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That Time I Quit Writing

Photo by Imagery Majestic -

Photo by Imagery Majestic –

That time I quit writing…

Have you ever given up on a dream?

I don’t mean you had a bad few days, and decided you couldn’t do it, then when friends rallied around you with nice words of encouragement, and some pics of funny cats, a video of a baby goat, you picked up that pen/ microphone/ paintbrush again. I mean QUIT. Completely talked yourself out of your dreams, your passions – or let someone else talk you out of them?

I did.

I quit for over a decade. Oh, I had some help with those cliffs of insanity, where dreams are torn from our hearts and thrown over the edge to be drowned in our tears of defeat. Of resignation.

I remember the moment I gave up. It was the first day of school, I won’t say *which* year in high school so as not to identify the teacher, and I shall refer to this teacher as the gender nonspecific ‘they.’

They’d given us an assignment: Write a page about what you wanted to be when you were older. It was an assignment so the teacher could see how well we wrote, and could get to know us all a little bit.

I wrote that I was going to be a writer.

The teacher had written a little note on everyone’s page, and passed them back the next day.

I read the note on mine, and in that moment I gave up.

The note? ‘I don’t think you have what it takes to achieve big things.’

This wasn’t a bit of a challenge – trying to get me to work harder and make it to spite them. No, this teacher just didn’t like me.

Because of this comment I didn’t write anything, other than a brief angsty poem phase at 18-19, for over ten years. I felt myself switch off. Here was my TEACHER, who told my mum that they were relying on me to bring up the class average, who was actively discouraging me from my dream. What was the point of trying?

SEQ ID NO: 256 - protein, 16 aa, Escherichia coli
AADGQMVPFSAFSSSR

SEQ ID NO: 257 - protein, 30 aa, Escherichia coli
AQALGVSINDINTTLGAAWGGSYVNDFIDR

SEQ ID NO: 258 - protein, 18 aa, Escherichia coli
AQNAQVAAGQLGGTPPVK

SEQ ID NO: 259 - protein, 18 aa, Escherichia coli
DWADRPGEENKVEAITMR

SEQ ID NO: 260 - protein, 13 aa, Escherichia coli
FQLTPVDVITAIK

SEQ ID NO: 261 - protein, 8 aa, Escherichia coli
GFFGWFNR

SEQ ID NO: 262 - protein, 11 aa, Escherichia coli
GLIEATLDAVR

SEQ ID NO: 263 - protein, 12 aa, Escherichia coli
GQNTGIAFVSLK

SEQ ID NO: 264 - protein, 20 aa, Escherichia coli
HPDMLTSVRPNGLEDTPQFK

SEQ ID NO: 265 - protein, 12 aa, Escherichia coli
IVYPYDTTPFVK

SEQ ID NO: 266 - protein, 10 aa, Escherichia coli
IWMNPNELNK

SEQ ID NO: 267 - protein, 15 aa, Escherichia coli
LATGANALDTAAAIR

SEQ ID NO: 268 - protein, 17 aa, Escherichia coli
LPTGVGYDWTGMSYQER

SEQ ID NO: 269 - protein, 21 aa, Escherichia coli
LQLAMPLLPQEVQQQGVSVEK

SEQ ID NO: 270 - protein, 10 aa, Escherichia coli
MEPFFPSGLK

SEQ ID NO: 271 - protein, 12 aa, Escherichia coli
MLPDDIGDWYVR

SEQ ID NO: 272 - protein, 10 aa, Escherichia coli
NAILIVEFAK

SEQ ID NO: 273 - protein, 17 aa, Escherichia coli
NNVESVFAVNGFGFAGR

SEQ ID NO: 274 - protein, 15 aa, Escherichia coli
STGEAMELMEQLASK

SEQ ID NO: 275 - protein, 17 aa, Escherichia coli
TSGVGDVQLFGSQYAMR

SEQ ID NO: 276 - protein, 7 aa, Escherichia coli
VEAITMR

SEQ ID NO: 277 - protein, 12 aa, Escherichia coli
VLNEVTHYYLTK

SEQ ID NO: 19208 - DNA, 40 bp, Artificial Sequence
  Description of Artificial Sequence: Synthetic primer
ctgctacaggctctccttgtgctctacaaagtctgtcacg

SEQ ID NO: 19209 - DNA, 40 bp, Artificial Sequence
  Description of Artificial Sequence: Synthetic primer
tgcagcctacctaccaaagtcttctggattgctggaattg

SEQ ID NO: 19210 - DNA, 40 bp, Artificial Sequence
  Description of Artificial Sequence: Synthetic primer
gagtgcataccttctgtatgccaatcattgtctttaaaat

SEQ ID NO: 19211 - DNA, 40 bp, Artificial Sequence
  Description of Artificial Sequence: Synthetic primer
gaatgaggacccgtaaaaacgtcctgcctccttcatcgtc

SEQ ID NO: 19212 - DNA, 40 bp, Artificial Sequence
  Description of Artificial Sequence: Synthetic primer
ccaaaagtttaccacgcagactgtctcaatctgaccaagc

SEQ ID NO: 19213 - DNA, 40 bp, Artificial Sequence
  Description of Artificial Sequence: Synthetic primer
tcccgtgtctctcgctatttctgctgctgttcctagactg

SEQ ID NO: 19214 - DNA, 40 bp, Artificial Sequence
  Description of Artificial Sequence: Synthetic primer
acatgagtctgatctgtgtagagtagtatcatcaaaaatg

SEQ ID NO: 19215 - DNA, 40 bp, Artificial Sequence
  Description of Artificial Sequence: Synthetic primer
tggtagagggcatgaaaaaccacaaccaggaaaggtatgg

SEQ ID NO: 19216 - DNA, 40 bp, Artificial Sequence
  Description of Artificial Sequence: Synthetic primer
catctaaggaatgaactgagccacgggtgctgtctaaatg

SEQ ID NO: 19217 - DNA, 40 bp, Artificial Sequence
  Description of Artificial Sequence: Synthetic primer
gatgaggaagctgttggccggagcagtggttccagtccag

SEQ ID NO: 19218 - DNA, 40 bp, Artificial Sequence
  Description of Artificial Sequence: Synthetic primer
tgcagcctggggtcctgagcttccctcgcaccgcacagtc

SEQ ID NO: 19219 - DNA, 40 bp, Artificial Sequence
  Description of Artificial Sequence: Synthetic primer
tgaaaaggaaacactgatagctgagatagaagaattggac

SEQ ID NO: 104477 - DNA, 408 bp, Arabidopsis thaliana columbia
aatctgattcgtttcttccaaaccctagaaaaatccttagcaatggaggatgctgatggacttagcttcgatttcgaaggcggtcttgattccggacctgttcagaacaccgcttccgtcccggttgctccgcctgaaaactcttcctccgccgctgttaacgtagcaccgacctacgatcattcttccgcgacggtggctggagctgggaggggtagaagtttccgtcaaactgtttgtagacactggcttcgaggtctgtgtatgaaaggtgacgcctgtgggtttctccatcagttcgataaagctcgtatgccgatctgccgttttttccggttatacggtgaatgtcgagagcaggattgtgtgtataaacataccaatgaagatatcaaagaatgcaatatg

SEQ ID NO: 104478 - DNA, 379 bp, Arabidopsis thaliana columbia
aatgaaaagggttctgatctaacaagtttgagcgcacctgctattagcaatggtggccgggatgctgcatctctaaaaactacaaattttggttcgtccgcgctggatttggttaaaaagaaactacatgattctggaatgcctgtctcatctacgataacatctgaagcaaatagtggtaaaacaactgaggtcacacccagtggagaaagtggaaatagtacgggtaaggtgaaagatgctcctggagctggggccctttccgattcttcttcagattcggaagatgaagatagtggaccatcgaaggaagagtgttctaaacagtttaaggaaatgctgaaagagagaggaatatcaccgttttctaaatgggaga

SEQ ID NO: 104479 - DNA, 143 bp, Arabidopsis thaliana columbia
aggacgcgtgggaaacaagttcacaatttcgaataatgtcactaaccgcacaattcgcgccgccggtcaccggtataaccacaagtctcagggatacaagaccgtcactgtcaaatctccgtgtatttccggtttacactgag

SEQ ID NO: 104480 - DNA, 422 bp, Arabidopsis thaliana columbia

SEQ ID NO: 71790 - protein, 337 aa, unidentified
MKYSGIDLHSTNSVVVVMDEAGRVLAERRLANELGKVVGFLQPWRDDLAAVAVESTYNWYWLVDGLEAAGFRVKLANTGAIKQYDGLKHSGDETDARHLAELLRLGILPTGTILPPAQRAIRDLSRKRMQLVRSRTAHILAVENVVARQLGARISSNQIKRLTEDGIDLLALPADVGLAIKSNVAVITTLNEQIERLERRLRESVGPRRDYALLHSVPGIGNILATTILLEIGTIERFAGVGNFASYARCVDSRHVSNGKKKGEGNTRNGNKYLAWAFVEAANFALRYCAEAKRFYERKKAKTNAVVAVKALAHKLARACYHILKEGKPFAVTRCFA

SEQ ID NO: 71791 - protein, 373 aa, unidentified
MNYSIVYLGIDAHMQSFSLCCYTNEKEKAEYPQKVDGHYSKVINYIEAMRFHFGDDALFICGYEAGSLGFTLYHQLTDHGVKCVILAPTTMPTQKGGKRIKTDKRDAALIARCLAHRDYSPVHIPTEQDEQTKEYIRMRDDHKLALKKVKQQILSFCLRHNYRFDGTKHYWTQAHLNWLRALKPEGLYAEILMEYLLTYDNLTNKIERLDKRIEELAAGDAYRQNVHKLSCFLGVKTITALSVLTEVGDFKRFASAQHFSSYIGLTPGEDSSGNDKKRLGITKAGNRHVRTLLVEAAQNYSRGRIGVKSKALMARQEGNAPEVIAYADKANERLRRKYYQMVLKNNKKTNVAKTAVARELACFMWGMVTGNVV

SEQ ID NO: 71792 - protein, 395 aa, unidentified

The previous year, I’d written a 98% in English. That year with the Discourager, my final mark was in the 60’s.

I don’t know the moment I talked myself back into writing, but sometime in 2007 I began writing my first MS. While it would need a LOT of work before it sees the light of day, it ignited a spark inside me, growing brighter with every word I typed until it was bright enough for me to find myself again.

I recently finished writing my 7th Manuscript. December of 2012, I signed with a fabulous agent from a fabulous agency. My debut novel, The Best Laid Plan was published with Swoon Romance in 2013, and my second comes out this year.

While I wouldn’t call myself a wild literary success, I am actively going for it, putting myself in harm’s way as I go for my dreams, hoping I’m not dashed against the rocks. And things are happening for me!

Years later, when cleaning out an old binder, I came across that high school assignment. I tore that note to pieces, but the words are still seared into my mind. They burn me to this day.

In the small town I’m in, I still SEE this fucking teacher, sometimes weekly. They don’t recognize me. But I sure remember them.

I’d sort of had this plan, to dedicate my first published book to them. A sort of revenge by success. It was going to be as follows:

”This book is dedicated to the high school English teacher who told me I ‘don’t have what it takes to achieve big things.’ HOW YOU LIKE ME NOW?!”